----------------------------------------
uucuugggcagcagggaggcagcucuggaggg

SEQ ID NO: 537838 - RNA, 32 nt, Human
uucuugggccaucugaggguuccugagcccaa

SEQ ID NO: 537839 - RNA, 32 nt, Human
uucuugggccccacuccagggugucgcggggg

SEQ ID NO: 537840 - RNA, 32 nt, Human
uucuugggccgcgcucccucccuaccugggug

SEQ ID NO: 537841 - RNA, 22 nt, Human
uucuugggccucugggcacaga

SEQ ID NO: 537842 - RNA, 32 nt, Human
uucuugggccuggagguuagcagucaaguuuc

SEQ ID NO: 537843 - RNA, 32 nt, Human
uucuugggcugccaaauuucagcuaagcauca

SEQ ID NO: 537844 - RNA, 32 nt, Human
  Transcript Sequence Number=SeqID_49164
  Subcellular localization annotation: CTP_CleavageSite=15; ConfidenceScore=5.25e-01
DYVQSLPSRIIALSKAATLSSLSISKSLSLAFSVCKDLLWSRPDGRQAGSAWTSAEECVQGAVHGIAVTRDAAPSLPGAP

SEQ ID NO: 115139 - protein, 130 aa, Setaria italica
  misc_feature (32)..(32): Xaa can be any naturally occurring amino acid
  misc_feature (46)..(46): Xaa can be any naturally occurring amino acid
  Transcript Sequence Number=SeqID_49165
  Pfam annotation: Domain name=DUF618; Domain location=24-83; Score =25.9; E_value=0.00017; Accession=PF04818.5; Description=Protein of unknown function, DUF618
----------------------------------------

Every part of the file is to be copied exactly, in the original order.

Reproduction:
uucuugggcagcagggaggcagcucuggaggg

SEQ ID NO: 537838 - RNA, 32 nt, Human
uucuugggccaucugaggguuccugagcccaa

SEQ ID NO: 537839 - RNA, 32 nt, Human
uucuugggccccacuccagggugucgcggggg

SEQ ID NO: 537840 - RNA, 32 nt, Human
uucuugggccgcgcucccucccuaccugggug

SEQ ID NO: 537841 - RNA, 22 nt, Human
uucuugggccucugggcacaga

SEQ ID NO: 537842 - RNA, 32 nt, Human
uucuugggccuggagguuagcagucaaguuuc

SEQ ID NO: 537843 - RNA, 32 nt, Human
uucuugggcugccaaauuucagcuaagcauca

SEQ ID NO: 537844 - RNA, 32 nt, Human
  Transcript Sequence Number=SeqID_49164
  Subcellular localization annotation: CTP_CleavageSite=15; ConfidenceScore=5.25e-01
DYVQSLPSRIIALSKAATLSSLSISKSLSLAFSVCKDLLWSRPDGRQAGSAWTSAEECVQGAVHGIAVTRDAAPSLPGAP

SEQ ID NO: 115139 - protein, 130 aa, Setaria italica
  misc_feature (32)..(32): Xaa can be any naturally occurring amino acid
  misc_feature (46)..(46): Xaa can be any naturally occurring amino acid
  Transcript Sequence Number=SeqID_49165
  Pfam annotation: Domain name=DUF618; Domain location=24-83; Score =25.9; E_value=0.00017; Accession=PF04818.5; Description=Protein of unknown function, DUF618